Alton Evening Telegraph from Alton, Illinois on July 19, 1960 · Page 6
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Alton Evening Telegraph from Alton, Illinois · Page 6

Alton, Illinois
Issue Date:
Tuesday, July 19, 1960
Page 6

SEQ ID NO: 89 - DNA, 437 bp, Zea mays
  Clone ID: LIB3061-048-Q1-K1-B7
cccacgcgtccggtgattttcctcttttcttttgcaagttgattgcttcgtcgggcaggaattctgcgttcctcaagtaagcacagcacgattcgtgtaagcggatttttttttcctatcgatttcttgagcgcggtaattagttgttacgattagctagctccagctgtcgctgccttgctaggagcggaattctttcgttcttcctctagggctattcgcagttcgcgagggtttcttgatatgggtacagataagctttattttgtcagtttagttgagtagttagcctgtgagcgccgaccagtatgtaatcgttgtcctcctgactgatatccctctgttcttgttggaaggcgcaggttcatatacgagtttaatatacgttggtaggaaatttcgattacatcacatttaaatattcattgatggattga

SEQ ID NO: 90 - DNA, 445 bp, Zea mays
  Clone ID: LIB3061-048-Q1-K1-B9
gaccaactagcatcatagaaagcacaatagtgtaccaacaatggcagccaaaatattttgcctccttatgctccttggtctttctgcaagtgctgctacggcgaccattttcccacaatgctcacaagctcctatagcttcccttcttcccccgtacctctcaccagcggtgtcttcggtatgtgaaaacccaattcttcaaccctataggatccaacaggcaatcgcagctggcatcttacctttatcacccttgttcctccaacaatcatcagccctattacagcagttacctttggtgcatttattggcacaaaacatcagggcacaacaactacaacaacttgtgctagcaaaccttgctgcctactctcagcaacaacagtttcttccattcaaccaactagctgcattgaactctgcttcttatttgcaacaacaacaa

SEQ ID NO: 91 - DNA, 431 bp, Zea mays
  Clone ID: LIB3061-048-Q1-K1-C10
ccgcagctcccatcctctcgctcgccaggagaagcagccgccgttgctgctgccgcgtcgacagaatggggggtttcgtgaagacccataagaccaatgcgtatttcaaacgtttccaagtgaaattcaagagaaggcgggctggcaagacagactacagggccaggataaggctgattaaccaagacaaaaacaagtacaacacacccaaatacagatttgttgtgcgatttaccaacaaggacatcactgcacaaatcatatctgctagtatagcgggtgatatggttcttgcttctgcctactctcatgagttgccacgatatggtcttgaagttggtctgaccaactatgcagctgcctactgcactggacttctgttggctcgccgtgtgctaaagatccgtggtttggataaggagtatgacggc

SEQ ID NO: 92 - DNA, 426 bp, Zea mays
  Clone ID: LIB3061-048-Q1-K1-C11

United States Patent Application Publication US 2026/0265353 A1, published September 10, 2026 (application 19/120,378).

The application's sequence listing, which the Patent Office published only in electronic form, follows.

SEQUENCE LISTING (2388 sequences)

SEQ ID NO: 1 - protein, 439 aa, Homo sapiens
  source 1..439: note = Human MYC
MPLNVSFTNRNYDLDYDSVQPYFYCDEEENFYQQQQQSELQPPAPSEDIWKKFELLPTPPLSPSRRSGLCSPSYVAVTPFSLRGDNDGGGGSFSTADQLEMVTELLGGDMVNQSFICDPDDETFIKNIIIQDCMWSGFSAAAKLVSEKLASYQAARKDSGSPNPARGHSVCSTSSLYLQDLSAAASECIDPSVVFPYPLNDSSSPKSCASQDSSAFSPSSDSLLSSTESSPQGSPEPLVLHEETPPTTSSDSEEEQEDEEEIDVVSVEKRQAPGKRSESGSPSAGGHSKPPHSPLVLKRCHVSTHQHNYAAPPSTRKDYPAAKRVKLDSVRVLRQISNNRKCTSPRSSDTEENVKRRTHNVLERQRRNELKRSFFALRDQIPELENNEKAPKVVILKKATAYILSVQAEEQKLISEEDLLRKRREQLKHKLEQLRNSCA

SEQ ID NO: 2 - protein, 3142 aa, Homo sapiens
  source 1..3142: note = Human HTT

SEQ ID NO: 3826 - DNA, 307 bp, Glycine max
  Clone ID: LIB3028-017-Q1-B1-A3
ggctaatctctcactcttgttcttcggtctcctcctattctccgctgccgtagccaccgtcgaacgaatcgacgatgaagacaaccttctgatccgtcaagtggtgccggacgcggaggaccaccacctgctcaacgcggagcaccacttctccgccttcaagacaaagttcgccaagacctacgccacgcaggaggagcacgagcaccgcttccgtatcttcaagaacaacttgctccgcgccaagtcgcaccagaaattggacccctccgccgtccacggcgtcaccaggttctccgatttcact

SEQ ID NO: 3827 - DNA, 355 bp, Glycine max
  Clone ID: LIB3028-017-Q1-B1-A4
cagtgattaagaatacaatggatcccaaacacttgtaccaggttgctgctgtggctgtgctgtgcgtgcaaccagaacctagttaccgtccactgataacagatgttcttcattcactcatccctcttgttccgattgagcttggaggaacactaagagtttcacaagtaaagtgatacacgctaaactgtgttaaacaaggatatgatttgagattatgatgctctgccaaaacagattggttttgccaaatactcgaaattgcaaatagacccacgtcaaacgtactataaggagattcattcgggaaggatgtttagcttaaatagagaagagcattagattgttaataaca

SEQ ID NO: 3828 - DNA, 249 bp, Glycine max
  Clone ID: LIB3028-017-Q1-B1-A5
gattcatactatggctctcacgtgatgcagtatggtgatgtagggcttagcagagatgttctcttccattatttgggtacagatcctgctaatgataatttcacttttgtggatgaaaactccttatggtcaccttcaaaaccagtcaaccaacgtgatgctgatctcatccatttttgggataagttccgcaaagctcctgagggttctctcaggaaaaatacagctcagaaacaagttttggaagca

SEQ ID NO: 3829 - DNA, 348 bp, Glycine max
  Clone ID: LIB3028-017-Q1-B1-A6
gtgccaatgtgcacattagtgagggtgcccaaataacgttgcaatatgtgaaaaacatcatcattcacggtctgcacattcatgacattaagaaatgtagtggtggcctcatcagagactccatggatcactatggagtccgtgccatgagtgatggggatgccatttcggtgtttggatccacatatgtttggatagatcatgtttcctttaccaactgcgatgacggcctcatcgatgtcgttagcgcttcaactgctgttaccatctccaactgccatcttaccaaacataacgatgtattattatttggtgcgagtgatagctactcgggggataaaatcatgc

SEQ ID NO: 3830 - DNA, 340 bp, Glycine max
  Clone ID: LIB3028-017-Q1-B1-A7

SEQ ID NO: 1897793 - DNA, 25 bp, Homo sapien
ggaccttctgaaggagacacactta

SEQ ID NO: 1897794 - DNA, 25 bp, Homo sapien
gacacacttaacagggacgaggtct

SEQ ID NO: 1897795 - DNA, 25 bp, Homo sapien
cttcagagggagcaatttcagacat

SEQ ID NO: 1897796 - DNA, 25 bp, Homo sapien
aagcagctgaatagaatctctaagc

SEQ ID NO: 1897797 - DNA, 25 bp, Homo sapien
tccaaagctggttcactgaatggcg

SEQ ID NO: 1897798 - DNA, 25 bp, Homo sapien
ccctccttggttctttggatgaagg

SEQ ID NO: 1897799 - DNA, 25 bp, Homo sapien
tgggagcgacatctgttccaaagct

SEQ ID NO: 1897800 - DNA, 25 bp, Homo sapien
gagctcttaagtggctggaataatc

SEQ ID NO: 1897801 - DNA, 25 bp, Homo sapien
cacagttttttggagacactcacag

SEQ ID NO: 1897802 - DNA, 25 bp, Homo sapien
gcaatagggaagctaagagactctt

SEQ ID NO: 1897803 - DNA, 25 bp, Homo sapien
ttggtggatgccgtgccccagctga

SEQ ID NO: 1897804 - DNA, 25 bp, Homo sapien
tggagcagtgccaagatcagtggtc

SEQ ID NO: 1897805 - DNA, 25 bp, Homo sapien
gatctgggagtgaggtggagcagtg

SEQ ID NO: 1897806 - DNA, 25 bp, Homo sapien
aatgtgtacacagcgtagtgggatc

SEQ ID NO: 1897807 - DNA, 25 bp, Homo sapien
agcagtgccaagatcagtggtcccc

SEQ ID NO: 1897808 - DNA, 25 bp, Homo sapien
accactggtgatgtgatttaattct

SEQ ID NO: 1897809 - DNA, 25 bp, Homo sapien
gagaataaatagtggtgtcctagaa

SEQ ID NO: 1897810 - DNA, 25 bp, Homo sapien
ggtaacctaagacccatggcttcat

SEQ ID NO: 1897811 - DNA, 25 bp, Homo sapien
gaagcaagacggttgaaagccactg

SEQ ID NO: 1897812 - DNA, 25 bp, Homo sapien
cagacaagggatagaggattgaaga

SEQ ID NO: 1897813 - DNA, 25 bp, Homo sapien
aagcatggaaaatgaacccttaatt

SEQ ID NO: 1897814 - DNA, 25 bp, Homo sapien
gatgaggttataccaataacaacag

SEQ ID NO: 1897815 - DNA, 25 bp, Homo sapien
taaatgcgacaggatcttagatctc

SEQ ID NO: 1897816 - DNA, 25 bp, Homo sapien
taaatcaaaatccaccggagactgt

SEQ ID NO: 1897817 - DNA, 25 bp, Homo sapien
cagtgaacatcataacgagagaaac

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PAGE SIX ALTON EVENING TELEGRAPH TUESDAY, JULY 19, 1990 The Women Social Events — Group Activities Marshall and Menard Plans Are Complete for Aug. 6 Invitations have been mailed and plans completed for the wedding of Miss Lynn Menard and Donald R. Marshall, which will take place on Aug. 6. The couple's engagement was announced in April. The ceremony will be read •t 3 o'clock by Rev. Orrin Anderson in the First Baptist Church, and n reception will follow at the home of Mrs. Joseph W. Buckingham, 1845 Evergreen Ave. Miss Menard. daughter of Mrs. Mildred T. Warren, E. Delmar Rd.. Godfrey, has asked Mrs. Walter L. Petro, nee Donna Marcr^, to serve as her matron of honor. Bridesmaids will be Mrs. Gail Buenger, nee Carline Tidwell, of Granite City; and Mrs. Robert Ninker. nee Mary Kathryn Warner, of St. Louis. Mrs. Petro and Mrs. Buenger are former college classmates of Miss Menard. and Mrs. Nin- ker is the cousin of the prospective bridegroom. Brad Motsinger will serve as best man for Mr. Marshall, and groomsmen will be Robert Ninker and Walter Petro. Mr. Marshall is the son of Mrs. Helen Marshall of 512 Hi View Dr., Jerseyville, and the late Roy Marshall. Mrs. Marshall will give a rehearsal dinner for the bridal party on Aug .5. Joehl-Soper Nuptial Date Is July 30 Miss Marilyn Ann Soper has chosen July 30 as the date for her marriage to Donald R. JoehJ, it is announced today. Nuptial mass will be read at 10 o'clock in St. Bernard's Catholic Church, and the couple will receive the immediate families and close friends from 2-5 o'clock in Knights of Columbus Hall, Wood River. Miss Soper, daughter of Mr. and Mrs. Robert Bruce Soper of 432 Jennings Ave., Wood River, has asked Mrs. Donald Kraushaar to serve as her matron of honor. Miss Betty Jean Clement will be bridesmaid, and junior bridesmaid will be Miss Rita Joehl, sister of the prospective bridegroom. James Joehl will act as best man for his cousin, and groomsman will be Miss Soper's brother, Robert Soper. DanceWorkshop Ends Thursday A six weeks dance workshop will close Thursday at the YWCA. Some 25 students of Mrs. Z. E. Pars have been studying ballet technique with Mrs. Pars and other teachers, Mrs. Lester York of Alton and Mrs. Ray Brickey of Jerseyville. Among the students studying in the workshop are Mrs. Pars' daughter, Julie, who has a dancing part in the production of The Red Mill at the St. Louis Municipal Opera this summer, and Susan Holmes of Jerseyville, who is a member of the St. Louis Civic Ballet Company. Baby Baptized Mr. and Mrs. Frank L. Me- Atee entertained relatives with a dinner in their home on Humbert Court in Godfrey Sunday following the baptism of their daughter, Elizabeth Anne, during morning services at Trinity Lutheran Church. The Rev. Reuben C. Baerwald officiated at the baptism, and the sponsors were the child's grandmother, Mrs. IWilbert Schneider, and her great-uncle, Willis Bohannon of Fidelity. Mother's Helper PARTY fAVOHS «r gift* cbUAna Uk« to ouUte or ro- •clvo if* MirnriM balla. To ouko tbMB, .y«i aoo4 » oat* loelion of Hoy lUaw, • sop. ply *f biifhi •rep* paper pbaiw to*. KaU one w nor* KinUMw toy* In • •trMour, Iornloc • roiuUUib itoftt. PM tap* to fMtoa DM •UMOMT Mi to uoUwr M y«« roll Uua, »oi tfe flwMUp. • UM. KM Doctors' Wives 9 Board Plaits 's Program The coming year's program was outlined at a meeting of the board of directors of the Woman's Auxiliary to the Madison County Medical Society Monday morning in the home of Mrs. Joseph M. Dondanville, 1420 Henry St. The first meeting of the year will be a dinner with the county medical society on Tuesday, Sept. 6 at Sunset Hills Country Club in Edwards- vine. The auxiliary will sponsor its annual Careers Day Tea In November at St. Joseph's Hospital. Mrs. Donald Wiebmer will be chairman of the tea. Also planned for the fall is a rummage sale. The outline of activities was announced by the program chairman, Mrs. Henry Halley. Honor Wilsons At Meeting of Walton, OES Mr. and Mrs. H. L. Wilson were invited to share the East by Mr. and Mrs. Edgar Lehen, worthy patron and matron of Walton Chapter, Order of Eastern Star, Monday evening during a meeting of the chapter in Franklin Masonic Temple. Mr. Wilson is a past patron of Walton Chapter, and master of Franklin Lodge No. 25. Mrs. Richard Hussong, chairman of guest night, announced that a meeting of her committee would be held Wednesday afternoon in the temple at 1:30 o'clock. Provision was made to purchase a 50- star flag for the chapter. Invitations were received by Mr. and Mrs. Lehen and extended to the chapter to guest night of Alton Chapter on Sept. 7, with Mrs. Lehen to serve as chaplain; to the official visit of the worthy grand matron of Illinois at Carrollton Aug. 6 in the high school; and to the Alton Chapter of Order of De- Molay, public installation of Robert Simpson and his officers Saturday evening, July 30, at 8 o'clock in the temple. The next stated meeting will be held on the evening of Aug. 1 at 7:45 o'clock in the temple. Personal Notes Mr. and Mrs. Dancey R. Smith of 97 E. Delmar Rd. have returned from a tour of the west coast. They visited Grand Canyon, Yosemite Park, San Francisco, Los Angeles, Catalina Island, San Diego, El Paso, and Carlsbad Caverns, as well as Tijuana in Mexico. James T. ' Moriarty and daughters, the Misses Patricia and Karen, of 245 Herbert St., will leave by plane Wednesday for Long Beach, Calif., where they will visit with Mr. Moriarty's sister and brother-in-law, Mr. and Mrs. Morris Zimmerman. They will be gone about three weeks. Mr. and Mrs. A. C. Bucher have returned to their home in Godfrey after a week's stay in Cairo and Mounds where they visited relatives and friends. Donald G. Gerard, son of Mr. and Mrs. James F. Gerard of 2116 State St., entered Barnes Hospital in St. Louis Sunday and underwent surgery Monday. Kouples' Klub Hosts Families at Fish Fry At Sportsmen's Club Thirty five persons, members and families of Wood River Kouples' Klub, were entertained at the club's annual family night and fish fry last evening at the Alton-Wood River Sportsmen's Club. Mr. and Mrs. Norman Ballard were chairmen of the af- iair. They were assisted by Mr. and Mrs. Wade Gergen, Mr. and Mrs. Ralph Bartlett, and Mr. and Mrs. Victor Barnhart. The next meeting of the club will be Aug. 6, when members will attend a performance on the Showboat. Lodges T Carlin Rebekah Lodge will have a meeting Thursday evening at 8 o'clock in Greenwood Hall. A class of candidates will be Initiated. Degree of Pocahontas, Lill- mace Council 222, will meet Wednesday evening at 8 o'clock in Teamsters' and Chauffeur*' Hull. . St. Joseph*8 Auxiliary Plans Supper for Graduate Nurses Plans have been made by the Women's Auxiliary to St. Joseph's Hospital for a box supper to be given In honor of 26 graduates of the nursing school at Rlvervfew Park on Thursday evening preceding the band concert In the park. Mrs. Henry Halley and Mrs. F. N. Orr will serve as hostesses for the affair. The plans were announced at a meeting of the new board members and new officers of the auxiliary Monday in the nun's lounge of the hospital. It was announced that the bazaar, sponsored June 11 nnd 12 by the auxiliary ot the hospital, was a success and it was voted to make it an annual project. New officers of the group inelude: Mrs. Hariey M. Yolton. president: Mrs. William Feldwisch, first vice president; MISS SlEVERS Betrothal Told InBatchlotm Mr. and Mrs. Ferd Sievers of Batchtown are announcing the engagement of their daughter, Janet, to Tom Lors- barh, son of John Lorsbaeh of Hamburg, and the late Mrs. Lorsbach. Miss Sievers, a 1958 graduate of Brussels Community High School, is employed by J. Clark Anderson in his law office at Hardln. Mr. Lorsbach is a 1958 graduate of Unit 40 High School in Hardin, and is employed by Baughman Manufacturing Co., Jerseyville. Beauty Care Essential To Mother-To-Be By ALICIA HART .... NEA Beauty Editor If your baby is due shortly, you're probably weary of the way you look at the moment. Fatigue, always present in the last few months of the waiting period, can rob your eyes of their sparkle. And sometimes skin which never before caused a moment's anguish develops pigmented patches. It's shattering to a gal's morale to know she looks unattractive. But be of good cheer. It doesn't have to be that way. In the prenatal clinic at the Jersey City Medical Center, uncomplicated recommendations for beauty care are incorporated in talks given expectant mothers. The beauty and grooming suggestions made can be carried out with no undue strain, and will do much to dispel the doldrums. If despite proper diet, you develop patches of discolored skin, don't be alarmed. They will disappear shortly after the baby is born. Meantime they can be hidden by carefully applying make-up. There are preparations on the market that will effectively cover most blemishes. During the last two months, when your doctor will undoubtedly urge you to rest during the day, you can use the siesta time to restore the sparkle in your eyes, too. Saturate cotton balls with a solution of boric acid and apply them to your eyes while •you're napping. A new brand of cotton balls comes in a sterilized handy hamper box that can be kept on your bedside table. Restlessness at night often accompanies the last months of pregnancy. And a head full of hard curlers can complicate matters considerably. Try to learn to set your hair with cotton balls instead. Separate the hair into strands, follow the outline of your hairstyle, and anchor each curl with a bobby pin and a little hairspray. You'll find sleep comes more easily. Above all, don't try to squeeze Into clothes that are too tight. It's harmful to begin with, and looks unsightly. At night, wear pretty, loose gowns and peignoirs. And don't forget to spray on your favorite light perfume. You'll look and feel much prettier, and will anticipate your baby's arrival in a happy frame of mind. Churches "Zion Builders, 1960," will, be the theme of the mid-week prayer services at Reor- tanked Church of Jesus Christ of Latter Day Saints Wednesday evening at 7:30 o'clock. Tomorrow's Dinner Rolled htutfed round steak, whipped potatoes, corn-on-cob, enriched bread, butter or margarine, bcalllon*, radishes, fresh blufbt'iiie*, cream, cof- let-, tea, milk. seph V. Schulz, recording secretary; Mrs. H. Clifford Auble, corresponding secretary; and Mrs. Joseph Vollmer, treasurer. New members of the board are Mrs. Otis Sullivan, Mrs. Paul Worcester, Mrs. Wayne Nations, Mrs. John Shansey, Mrs. Ronald Mottaz, and Mrs. William Halliday. Retiring members of the board are Mrs. Eugene Elf- Mrs. Alma Steele. second vice gen, Mrs. Paul Maley, Mrs. president; Mrs. John Wedig, William Reydon, and Mrs. R. third vice president; Mrs. Jo- J. Muckerman. ,4/1/1 Landers Daughter's Fiance Doesn't Know When to Go Home DEAR ANN: Our only daughter is engaged to a boob who doesn't know when to go home. Please tell me if I am right or wrong to complain. :My husband sides with my daughter (against me) [which makes it [doubly hard. Last Sunday I afternoon Torrence came over I at 4:30—just in 'time for a chick- Ann Landers, en dinner. He left at 5:45 the following morning. When I told my husband he'd have to talk to the young man he fired back, "What's wrong with two people enjoying each other's company? They're engaged. I think it's fine." The daughter sat there grinning from ear to ear. She added a few words to the effect that I was old-fashioned and "out of it." If I'm wrong please tell me so in the paper. If not—tell them. GANGED UP AGAINST DEAR QANOED: Engaged or not, a young man who doesn't have enough sense to go home at a reasonable hour should be told. Thirteen hours is too blamed long! Tell the love-birds to save a little of that fascinating conversation for after the wedding. They'll need it. The complaint I get from most wives who write is this "My husband doesn't talk to me. He comes home from work, grabs the paper and I can't get a word out of him." * * * • DEAR ANN: I'm planning an October wedding. Two weeks ago I asked by favorite cousin Olivia to be my matron of honor. I was maid of honor at her wedding last year and we've always been the closest of friends. She was thrilled and accepted. Last evening we were together and I noticed she'd put on quite a lot of weight 1 mentioned it casually and she said, "You may as well know. I'm five months pregnant." This means Olivia will be about eight months along when she stands up for me. I was dumbfounded. Do you think it was right of her to accept when she knew this? My fiance is furious. Should I withdraw the invitation? I'd hate for anything to come between Olivia and me. OCTOBER 'BRIDE DEAR OCTOBER: Olivia is married isn't she? Well, what's the disgrace? If you selected her to be your matron of honor because she's your dearest friend, the pregnancy doesn't make her any less dear, does it? Today's maternity clothes are cleverly designed and attractive. It would be wrong to withdraw the invitation. Instead, offer to help her select a satin or taffeta balloon-style coat. * * * * DEAR ANN: My girl friend and I are having an argument. I'm not going to tell you which side I'm on because you usually stick up for the girls and I want a fair shake She promised to abide by your decision. Question: Is it O.K. for girls to go without stockings and paint their toenails red, then wear the kind of shoes that expose the red toenails to public view? Just answer, "I am SUWWM «nd Snowily Cfen IM yours U you leva BEAUTY CULTURE Only • !»w months of study IitdlvUiuU IfMtruffttoflt toy FOUR STATE ACCREDITED TEACHERS <Jt«MS« BUJtUn Now Part Tin* SUubnU CENTRAL ILLINOIS BEAUTY SCHOOL 4 wwll fcnutto junto m ttoauly Uultur* (or *i ymr* 401 Heiury *,. - Alton, Ui - »'bun* UUM4II SL VMS TO Ml \\\ Palriria Srofl Born to: Mr. and Mrs. David Allen Bush. 2914 Watalee Ave., Aito, a daughter, 9 pounds and 2 ounces, 7:02 p.m. Monday, Wood River Township Hospital. Elder child: Donna Kay 4. Mr. and Mr«. Terry Feezel, 608 Halloran Ave., Wood River, a daughter, 7 pounds and 13 ounces, 4:05 a.m. Monday, St. Joseph's Hospital. Mr. and Mrs. Joseph Rizzoli, 1213 Armstrong St., a daughter, 5 pounds and 8 ounces. 8:20 a.m. Monday, St. Joseph's Hospital. \ Mr. and Mrs. Robert E. Smith, South Roxana, a daughter, 7 pounds and 13 ounces, 2:30 p.m. Monday, St. Joseph's Hospital- Mr, and Mrs. Clyde Dehner, 4032 Alby St., a son, 8 pounds and 10 ounces, 10:02 p.m. Monday, St. Joseph's Hospital. Mr. and Mrs. E. E. Tretbar, WiJmette, 111., July 13, a son, 6 pounds and 8 ounces, first child; father a former Alton newspaper man, mother a former Evanston teacher. Mr. and Mrs. Joe DePew. Bethalto, a daughter, DeeAnn Renee, 6 pounds and 13 ounces, 5:59 p.m. Monday, Alton Memoria] Hospital. The baby is the granddaughter of Mr. and Mrs. Lindell King, 206 Doerr Ave., Roxana, and of Mrs Lelah DePew, Bethalto. Mr. and Mrs. Herman Gray, 117 N. State St., Jerseyville, a son, Lawrence Randall, 7 pounds and 8 ounces, 7:56 a.m. Monday, Alton Memorial Hospital. Elder child Mark Allen. Mr. and Mrs. James Ebbler, 709a Linden PI., a son, Allen James, 6 pounds and 12 ounces, 10:27 p.m. Monday, Alton Memorial Hospital. Mr. and Mrs. Donald A. Elliott, Country Club Hills, 111., formerly of East Alton, a son, Douglas Stewart, second child, July 6. The baby is the grandson of Mr. and Mrs. Gene Ryburn of Rosewood Heights. 1 Mr. and Mrs. George L. Jorgensen, Glyn Ellyn, a son, Crajg Walter, 8 pounds and 14 ounces, second child, July 10. Mrs. Jorgensen before her marriage was Miss Leatha Helmantoler, daughter of Mr. and Mrs. Willis Helmantoler of 620 N. 1st. St., Wood River. She was a former teacher in Roxana Junior High School. Pfc. Harry Enln Nanka~an<J Mrs. Nanka, a son, Harry Esin, Thursday. July 14th, St. Francis Hospital, Litchfield. Mrs. Nanka is making her home with her parents, Mr. and Mrs. Homer Mellenthin, at Wood burn, while her husband is in military service in Korea. Mrs. O. R. Pyott of 1406 5th St., Forrest Homes, Is the great-grandmother of the baby. in favor of toenalls" or "I am not in favor of toenails." Thank you. BARNEY DEAR BARNEY: I hope you don't mind if I add a few words of my own. Thank you. Rare, indeed, are toenaUs that are lovely enough to be on exhibition. And only the most exquisite legs, beautifully tanned, look good in the flesh. In my opinion bare legs and exposed toenails are all right for the beach. In the city—no. * * • • Confidential to NO .DOPE: Sorry, but a black eye does not always mean a fight. Occasionally people do walk into doors, believe it or not. ' (O IN* FltW EmwwlMW. inc.) The other day, I listened to a psychologist lecture on children, and how much birthday parties mean to them In their early years. He stressed the importance of allowing the child to "help" with party arrangements. If a child Is old enough to help, this is easy. But, what can the little one do to be of assistance and also derive satisfaction out of his or her work? Well, all youngsters like to cut out paper (tolls, so keep them busy doing that —helping mommy and at the same time, having great fun. If you're planning a party, colored, cotton place mats, trimmed with hot iron fabric (no sewing required) and fringe make delightful and festive table decorations. They're easily laundered and can be used for future parties or passed on to friends. To make each mat, cut two (2) rectangles of washable cotton 17x13 Inches. Choose a motif your child likes and cut one out in cardboard. Using this as a cut-out guide, let the birthday girl or boy cut as many as needed for each mat out of hot iron fabric. When cutting, keep outline simple and try to avoid very sharp corners. You'll find it simpler to use several simple shapes combined to form a more complicated motif, than to use a complex design cut In one piece. For instance, cut a simple white doll, then add colored skirt, hair bow, etc. Then, carefully following directions on the package ap- uly design with Iron to one rectangle. Next, prepare the fringe. You can buy fringe by the yard or make your own. Be sure this too is washable. Pin fringe in place on each end of mat, as shown. Take the two rectangles, right sides to- gethejr, and stitch all around the four sides, leaving an opening on one of* the longer sides large enough to turn mat right side out. After you have turned mat to right side, slip stitch the opening closed, press, and your mat is finished! Take advantage of the party mood and use lots of color. Make your mat in bright green, for instance, with white fringe, white dolls dressed in different colored dresses and hair bows. Your table will look gay even before the rest of the trimmings are added. Miss Scott Is happy to help Seams to Me readers with their sewing problems, and with questions on wardrobe and fashions. However, because so many are seeking her assistance, Miss Scott asks readers to please limit their letters to cjne question. Send your question to Patricia Scott in care of the Alton Telegraph, enclosing a stamped, self-addressed envelope for reply. <C 1H» Field Enterprliei, Inc.) The Mature Parent We Can't Ordain Bliss Even for Those We Love By Mrs. M*urlel Lawrence Recently, Bob G. suffered a nasty disappointment. The girl he'd been dating broke a special date and announced her engagement to an out-of-town stranger. Bob's appetite fell off. He gloomed around the house so dismally that his mother got very depressed. Anxiously she pressed his favorite desserts on him. She kept reminding him that there were other fish in the sea. Finally, she canceled her own plans to attend a special celebration at a neighbor's house. When Mr. G. objected, she burst into reproaches, crying: "How can you be so unsympathetic? How can you expect me to go out for a good time when Bob is feeling so awful?" Mr. G., ashamed of his inferior sensitivity to their son's suffering, retreated, shaking his head, to his basement workshop. But v Mrs. G.'s sympathetic suffering wasn't all beautiful sensitivity. Mostly, it was rage at her lack of power to change Bob's unhappy situation into a happy one. A person who feels she's obliged to solve everybody's problems for them, Mrs. G. always gets depressed when she comes up against one that resists her. Now I'm not against a certain amount of sympathy with children's troubles. None of us enjoy the unhappiness of people we love. But we can't always control what happens to them. We can't force children's teachers to be nice to them or their employers to retain them. We can't compel the fidelity of their friends. We can't command virus infections 'to leave them alone. So when wq: find ourselves unduly daprajped by their troubles, our sympathetic suf- fering is not necessarily beautiful sensitivity. Nine times out of 10, it is rage at our inability to control uncontrollable circumstances. We develop this secret sense of blame for other people's troubles in childhood. Somehow, when mommy had a headache, she conveyed the impression that we had given it to her. When papa was out of sorts, he gave us the feeling that we'd been guilty of some mysteriously disappointing behavior. Gradually, without knowing it, we began to feel responsible for keeping everyone around us happy, satisfied and uncomplaining. It was an idiotic assignment we took on. We are not lords of the universe and cannot order the sun to shine perpetually on anyone. (NEA Service. Inc) Tips on Water Safety You'll have more fun with water sports if you follow the rules for water safety. O. L. Hogsett, University of Illinois safety specialist, recommends thai you swim where there's a lifeguard present. Make sure you know how to swim, or wear a life, jacket before going boating or water skiing. Walt an hour after meals before swimming, and don't go alone. Go into cold water gradually. If a fellow swimmer Is "in trouble, try to reach him by extending a pole or an article qf clothing. Or throw him something buoyant. You may have more luck In saving him if you stay out of the water unless you are an experienced llfesaver. JULY ONLY . DRY CLEANING SPECIAL MARKETS 99 natHct-w AND oiurur IN I. U»y. HO MI7« OMEQA Mi HAMILTON WATOHE5 Sit Our S«ltetion EDWARD OTT JEWILIR Authorized Distribute™ Stratford Hotol gldfl. Matching Coat and Sheath NEW YORK, July 18.—A mandarin-type coat in pale brocade and lined with Hudson seal matches the sleeveless sheath in this outfit from the collection of Maurice Rentner. It was shown in New York today at start of week-long showings of fall fashions by New York designers for nation's fashion press. (AP Wirephoto) Designers Still Have Minds Of Their Own By JOY MILLER NEW YORK & — Fashion designers still have a mind of their own. This reassuring fact became apparent in the first afternoon showings of a week-long display of fall clothes by the New York couture group for 230 visiting fashion editors. With the soft, liquid, Ian- quid and low-waisted ensemble a shoo-in for dominant silhouette, along came Jane Derby Monday with determinedly controlled oval skirts, Oleg Cassini with figure-hugging sheaths, and the Marquise collection with an almost exclu- .. sive preoccupation with leather and fur. Mrs. Derby called her outline of rounded, tapered skirt below a narrow bodice "the ninepin silhouette." While it didn't bowl anyone over, it nonetheless was cordially received by the fashion press. In the Marquise collection, designed by Philippe Tournaye, the animal kingdom was given top billing. Nobody has polled the furbearers on their reaction, but there's no denying Tournaye put some little known pelts on the fashion map. A coat of Australian o'pos- sum had a Basque green lining to match its dress. A three- quarter Burgundy greatcoat was lined with Norwegian fox to keep warm the*matching nubby wool crepe dress under it. A full-length antelope suede coat was trimmed with fisher. There were white mink ascots and trimmings and stoles of sable, chinchilla and nutria lavished on coats, suits and costumes. Auxiliary to Legion Hears Mrs. Healy Mrs. Michael Healy of Chicago spoke on "Rehabilitation" Sunday morning in Hotel Stratford before some 200 women auxiliary members of the Fifth Division of American Legion. Mrs. Healy is the department president of the auxiliary in Illinois. The meeting was opened by Mrs. Edward Gillespey, Alton unit president, and conducted by Mrs. Ona Brown of Carmi, district president. Reports were made by division chairmen, and by district directors. John Geiger, department commander of American Legion, State of Illinois, read greetings from the department; Norman Biebel of Belleville, read greetings from the Fifth Division, of which he is commander; and Edward Cox, commander of Alton Post 126, extended a welcome to the women. A memorial service was conducted by Mrs. Larry Menen- tiez, division chaplain, with Mrs. H. W. Pelot, .soloist, and Mrs. John Jacoby, accompanist. Mrs. Henry Girth was general chairman, and Mrs. L. M. Cummings, assistant chairman of the women's convention. Homemaking Hints There are lots of pretty dresses around this summer with full, permanently-pleated skirts. Check the length before you buy. If it's too long on you, remember that it's costly to have a pleated skirt shortened. Tee shirts come with sailor collars now. Collar is banded in red, white and blue to carry out theme. NO OCCASION TOO SOLEMN 01JOYOUI 7111. Alto N9I4I12